AB 5 (Ammiano; D-San Francisco) the bill that would enact the Homeless Person’s Bill of Rights and Fairness Act, which would specifically restrict local law enforcement, local governments, and business improvement districts, from enforcing local ordinances that regulate activities such as sitting, laying, and/or soliciting, passed its first policy committee this week.

At the Assembly Judiciary Hearing this week, just prior to the bill being presented, the author promised to re-write the bill in a way that he said would take care of many of the issues moved forward by opposition groups such as the CBPA, CDA, CalChamber, League of Cities, and many many individual Business Improvement Districts throughout the state.  The bill was voted on based on a “mock-up” provided to committee members, and passed on a 7-3 vote (all Democrats voting “aye” / all Republicans voting “no”).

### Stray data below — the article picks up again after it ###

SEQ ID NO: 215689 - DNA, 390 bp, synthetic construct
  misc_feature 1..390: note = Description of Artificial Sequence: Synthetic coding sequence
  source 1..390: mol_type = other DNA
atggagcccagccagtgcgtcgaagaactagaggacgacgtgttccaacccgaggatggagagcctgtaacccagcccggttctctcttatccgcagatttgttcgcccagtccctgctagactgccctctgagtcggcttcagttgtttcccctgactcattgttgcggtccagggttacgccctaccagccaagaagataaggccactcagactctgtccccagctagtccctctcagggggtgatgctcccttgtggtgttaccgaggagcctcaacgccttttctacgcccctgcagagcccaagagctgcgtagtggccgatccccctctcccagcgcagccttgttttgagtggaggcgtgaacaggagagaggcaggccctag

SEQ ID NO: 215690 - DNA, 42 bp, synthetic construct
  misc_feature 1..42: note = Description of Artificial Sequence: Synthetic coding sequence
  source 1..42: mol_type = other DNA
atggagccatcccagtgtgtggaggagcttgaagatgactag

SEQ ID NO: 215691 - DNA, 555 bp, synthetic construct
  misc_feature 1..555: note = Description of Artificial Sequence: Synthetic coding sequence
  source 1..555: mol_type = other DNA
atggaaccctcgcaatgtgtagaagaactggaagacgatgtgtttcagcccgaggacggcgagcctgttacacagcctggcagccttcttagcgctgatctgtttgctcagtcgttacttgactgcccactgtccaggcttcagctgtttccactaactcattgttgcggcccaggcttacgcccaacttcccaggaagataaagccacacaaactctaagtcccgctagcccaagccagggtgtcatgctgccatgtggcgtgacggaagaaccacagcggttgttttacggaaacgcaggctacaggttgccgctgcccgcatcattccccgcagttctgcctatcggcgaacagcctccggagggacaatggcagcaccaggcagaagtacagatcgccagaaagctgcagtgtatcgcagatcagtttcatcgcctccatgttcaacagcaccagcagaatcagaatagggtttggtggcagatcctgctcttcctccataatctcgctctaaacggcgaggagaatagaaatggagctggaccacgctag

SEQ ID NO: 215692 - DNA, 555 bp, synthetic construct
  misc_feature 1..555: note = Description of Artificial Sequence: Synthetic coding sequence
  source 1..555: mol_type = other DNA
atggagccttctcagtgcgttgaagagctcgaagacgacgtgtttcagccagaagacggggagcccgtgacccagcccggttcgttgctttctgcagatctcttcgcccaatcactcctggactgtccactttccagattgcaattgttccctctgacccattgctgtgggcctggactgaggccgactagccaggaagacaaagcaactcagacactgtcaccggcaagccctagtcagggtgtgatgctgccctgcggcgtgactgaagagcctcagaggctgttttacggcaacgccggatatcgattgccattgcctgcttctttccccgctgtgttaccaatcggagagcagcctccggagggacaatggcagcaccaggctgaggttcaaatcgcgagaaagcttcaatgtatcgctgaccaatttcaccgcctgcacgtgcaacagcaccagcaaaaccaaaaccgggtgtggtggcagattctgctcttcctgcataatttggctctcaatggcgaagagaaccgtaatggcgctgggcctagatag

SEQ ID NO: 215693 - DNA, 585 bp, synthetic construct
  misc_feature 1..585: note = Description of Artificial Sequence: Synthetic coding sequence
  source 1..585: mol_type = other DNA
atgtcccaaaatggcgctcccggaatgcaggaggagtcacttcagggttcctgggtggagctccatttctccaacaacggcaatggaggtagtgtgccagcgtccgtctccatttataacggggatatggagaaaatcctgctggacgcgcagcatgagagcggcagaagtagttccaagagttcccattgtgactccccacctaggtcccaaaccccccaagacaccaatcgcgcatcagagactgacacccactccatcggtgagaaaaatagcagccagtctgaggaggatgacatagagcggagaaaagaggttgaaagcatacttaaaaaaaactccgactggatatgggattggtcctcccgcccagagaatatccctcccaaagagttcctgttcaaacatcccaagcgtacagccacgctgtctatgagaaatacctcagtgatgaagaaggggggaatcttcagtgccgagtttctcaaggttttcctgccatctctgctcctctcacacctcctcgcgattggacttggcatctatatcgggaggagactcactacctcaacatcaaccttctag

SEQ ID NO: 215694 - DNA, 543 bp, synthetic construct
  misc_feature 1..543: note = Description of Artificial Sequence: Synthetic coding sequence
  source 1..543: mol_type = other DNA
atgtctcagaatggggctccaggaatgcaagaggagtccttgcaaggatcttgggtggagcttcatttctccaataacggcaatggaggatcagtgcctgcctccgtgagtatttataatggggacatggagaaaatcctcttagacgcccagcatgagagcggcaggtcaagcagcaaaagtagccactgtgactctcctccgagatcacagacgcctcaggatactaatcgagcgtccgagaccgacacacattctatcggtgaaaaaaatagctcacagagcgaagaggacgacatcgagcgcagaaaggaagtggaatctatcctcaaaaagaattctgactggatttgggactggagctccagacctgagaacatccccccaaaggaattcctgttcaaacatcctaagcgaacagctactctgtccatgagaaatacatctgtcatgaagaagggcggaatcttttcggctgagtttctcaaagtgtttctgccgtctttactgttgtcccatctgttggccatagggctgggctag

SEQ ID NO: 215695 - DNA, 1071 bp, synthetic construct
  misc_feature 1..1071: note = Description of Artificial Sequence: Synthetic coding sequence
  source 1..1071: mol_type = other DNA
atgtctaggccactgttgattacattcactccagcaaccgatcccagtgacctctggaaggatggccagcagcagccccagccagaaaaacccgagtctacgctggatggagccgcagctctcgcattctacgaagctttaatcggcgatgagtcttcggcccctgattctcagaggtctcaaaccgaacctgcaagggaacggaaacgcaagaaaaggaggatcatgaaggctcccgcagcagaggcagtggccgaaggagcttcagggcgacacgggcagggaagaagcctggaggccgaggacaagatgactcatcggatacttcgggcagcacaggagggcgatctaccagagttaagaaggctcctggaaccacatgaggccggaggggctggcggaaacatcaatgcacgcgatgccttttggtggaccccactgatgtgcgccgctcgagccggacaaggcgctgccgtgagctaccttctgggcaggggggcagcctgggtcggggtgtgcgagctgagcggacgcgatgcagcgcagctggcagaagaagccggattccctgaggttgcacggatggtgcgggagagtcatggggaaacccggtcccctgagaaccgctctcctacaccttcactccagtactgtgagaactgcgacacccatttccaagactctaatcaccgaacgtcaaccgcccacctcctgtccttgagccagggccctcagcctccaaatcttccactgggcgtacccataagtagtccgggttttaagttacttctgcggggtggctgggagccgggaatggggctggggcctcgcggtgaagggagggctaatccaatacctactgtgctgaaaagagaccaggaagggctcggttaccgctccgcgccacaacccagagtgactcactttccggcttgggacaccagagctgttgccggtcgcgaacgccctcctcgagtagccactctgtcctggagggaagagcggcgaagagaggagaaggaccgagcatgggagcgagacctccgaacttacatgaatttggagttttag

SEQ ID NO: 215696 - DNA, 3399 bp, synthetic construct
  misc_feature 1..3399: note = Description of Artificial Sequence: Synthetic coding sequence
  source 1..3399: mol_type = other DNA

Although we recognize the interconnectedness of safe, decent, and permanent housing when addressing other needs of California’s homeless population, such as mental health or substance abuse treatment, and unemployment, we think that any proposed laws must strike a balance between promoting health and safety for all residents and respecting the local designation of resources.  Unfortunately, AB 5 would create costly mandates, blur the line between local jurisdiction authority, and undermine the local decision making process. We are opposing the bill – however, we have been very successful in paring some of the more onerous provisions of the bill back and remain hopeful that we can continue to work with the author to address remaining issues.

We’d like to acknowledge and thank California Downtown Association (CDA) for its leadership and activity on this bill.  Aside from creating a resource web page on the bill, they have been actively meeting with legislators, and had several professionals at the hearing.

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